What Is an Idiom? (And How Does It Differ From a Proverb or an Adage?)
  • 3-minute read
  • 2nd November 2022

What Is an Idiom? (And How Does It Differ From a Proverb or an Adage?)

Idioms are very common in English. They are frequently used phrases or sentences that use figurative language to give a widely understood meaning. They are often found in speech and in creative writing, such as poetry, songwriting, and novels.

Idioms can be fun to use, and, if you’re learning English as a second language, learning to include idioms properly will help your speaking and writing flow like a native speaker’s.

Examples of Idioms

Break a leg.

If you tell someone to break a leg, you’re wishing them good luck.

It was a piece of cake.

If something is a piece of cake, it’s easy.

You’re skating on thin ice.

This means that you’re in a risky situation that could quickly go wrong.

Sarah completed the work at the 11th hour.

To do something at the 11th hour is to do something at the last moment.

I twisted Kate’s arm, so she’s coming to the party tonight.

If you twist someone’s arm, you convince them to do something.

Henry was chasing rainbows.

This means that Henry is trying to do something that isn’t possible or realistic.

Children aren’t usually excellent chefs, but Ben’s delicious meals show that he is the exception that proves the rule.

This phrase refers to a fact that is unusual and proves that there is a general rule, standard, or expectation that opposes it.

I couldn’t care less.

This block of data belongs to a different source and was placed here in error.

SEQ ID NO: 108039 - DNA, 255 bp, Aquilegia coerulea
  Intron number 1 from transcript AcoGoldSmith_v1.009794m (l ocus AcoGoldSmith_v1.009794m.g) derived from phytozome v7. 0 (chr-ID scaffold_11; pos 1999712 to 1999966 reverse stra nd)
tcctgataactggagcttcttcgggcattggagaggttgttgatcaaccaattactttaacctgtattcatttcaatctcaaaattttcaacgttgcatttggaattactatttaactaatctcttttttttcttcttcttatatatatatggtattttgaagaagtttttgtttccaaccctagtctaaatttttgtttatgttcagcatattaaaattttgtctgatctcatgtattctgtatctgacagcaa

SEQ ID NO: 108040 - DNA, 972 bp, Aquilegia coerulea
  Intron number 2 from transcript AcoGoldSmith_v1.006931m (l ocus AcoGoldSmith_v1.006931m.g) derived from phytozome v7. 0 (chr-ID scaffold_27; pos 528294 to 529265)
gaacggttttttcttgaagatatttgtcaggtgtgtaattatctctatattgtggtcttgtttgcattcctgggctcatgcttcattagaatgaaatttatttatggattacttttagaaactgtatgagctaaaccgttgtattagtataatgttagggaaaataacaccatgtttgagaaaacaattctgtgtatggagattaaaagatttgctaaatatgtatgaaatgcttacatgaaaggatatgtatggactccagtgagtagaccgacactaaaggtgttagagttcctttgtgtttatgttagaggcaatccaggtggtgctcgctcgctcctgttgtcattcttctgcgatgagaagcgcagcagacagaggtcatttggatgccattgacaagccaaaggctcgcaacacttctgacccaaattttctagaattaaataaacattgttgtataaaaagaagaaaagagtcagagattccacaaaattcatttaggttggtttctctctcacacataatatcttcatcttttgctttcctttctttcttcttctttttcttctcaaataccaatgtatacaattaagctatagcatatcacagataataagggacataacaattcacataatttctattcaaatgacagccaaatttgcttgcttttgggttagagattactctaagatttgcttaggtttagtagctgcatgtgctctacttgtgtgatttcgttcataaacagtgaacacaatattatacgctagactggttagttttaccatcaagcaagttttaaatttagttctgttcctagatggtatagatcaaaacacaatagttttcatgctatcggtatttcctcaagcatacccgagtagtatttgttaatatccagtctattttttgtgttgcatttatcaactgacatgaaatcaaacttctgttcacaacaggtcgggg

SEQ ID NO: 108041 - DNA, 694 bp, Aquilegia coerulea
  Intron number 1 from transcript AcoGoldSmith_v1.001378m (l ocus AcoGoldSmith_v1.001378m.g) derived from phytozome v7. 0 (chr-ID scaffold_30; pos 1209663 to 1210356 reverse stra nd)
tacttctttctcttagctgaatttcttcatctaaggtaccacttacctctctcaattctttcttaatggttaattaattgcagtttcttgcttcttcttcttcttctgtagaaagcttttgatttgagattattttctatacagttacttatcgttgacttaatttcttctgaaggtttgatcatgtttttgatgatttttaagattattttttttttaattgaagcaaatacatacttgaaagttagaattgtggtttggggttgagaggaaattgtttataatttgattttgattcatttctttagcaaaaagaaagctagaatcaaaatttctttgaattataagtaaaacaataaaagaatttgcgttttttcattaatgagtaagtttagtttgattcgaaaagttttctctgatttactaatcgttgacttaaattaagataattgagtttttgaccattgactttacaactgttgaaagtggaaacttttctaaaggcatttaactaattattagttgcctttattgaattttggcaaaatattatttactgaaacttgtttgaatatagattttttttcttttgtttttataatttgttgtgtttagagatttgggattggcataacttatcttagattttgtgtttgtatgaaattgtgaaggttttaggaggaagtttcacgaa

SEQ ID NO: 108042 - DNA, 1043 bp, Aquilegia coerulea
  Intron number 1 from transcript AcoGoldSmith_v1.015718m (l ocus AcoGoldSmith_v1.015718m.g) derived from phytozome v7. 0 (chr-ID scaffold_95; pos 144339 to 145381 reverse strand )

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If you say you couldn’t care less about something, it means that you don’t care about that thing.

Proverbs

Proverbs and idioms are not the same. Proverbs are short and well-known sayings that usually give a piece of wisdom, advice, or truth.

Examples of proverbs are:

A jack of all trades is a master of none.

This refers to someone who has gained skills in lots of different areas instead of becoming an expert in one area.

A leopard never changes its spots.

This means that people can’t change their character or personality.

Adages

Adages are similar to proverbs – and still different from idioms! – but they’re less commonly used in everyday life. Adages have often been around longer than proverbs, sometimes even for centuries, and are widely accepted to be true.

Examples of adages are:

Better safe than sorry.

This means that it’s better to be careful when doing something so that it doesn’t cause errors or problems in the future.

Familiarity breeds contempt.

This means that getting to know someone well can cause you to lose respect for them because you see their bad traits.

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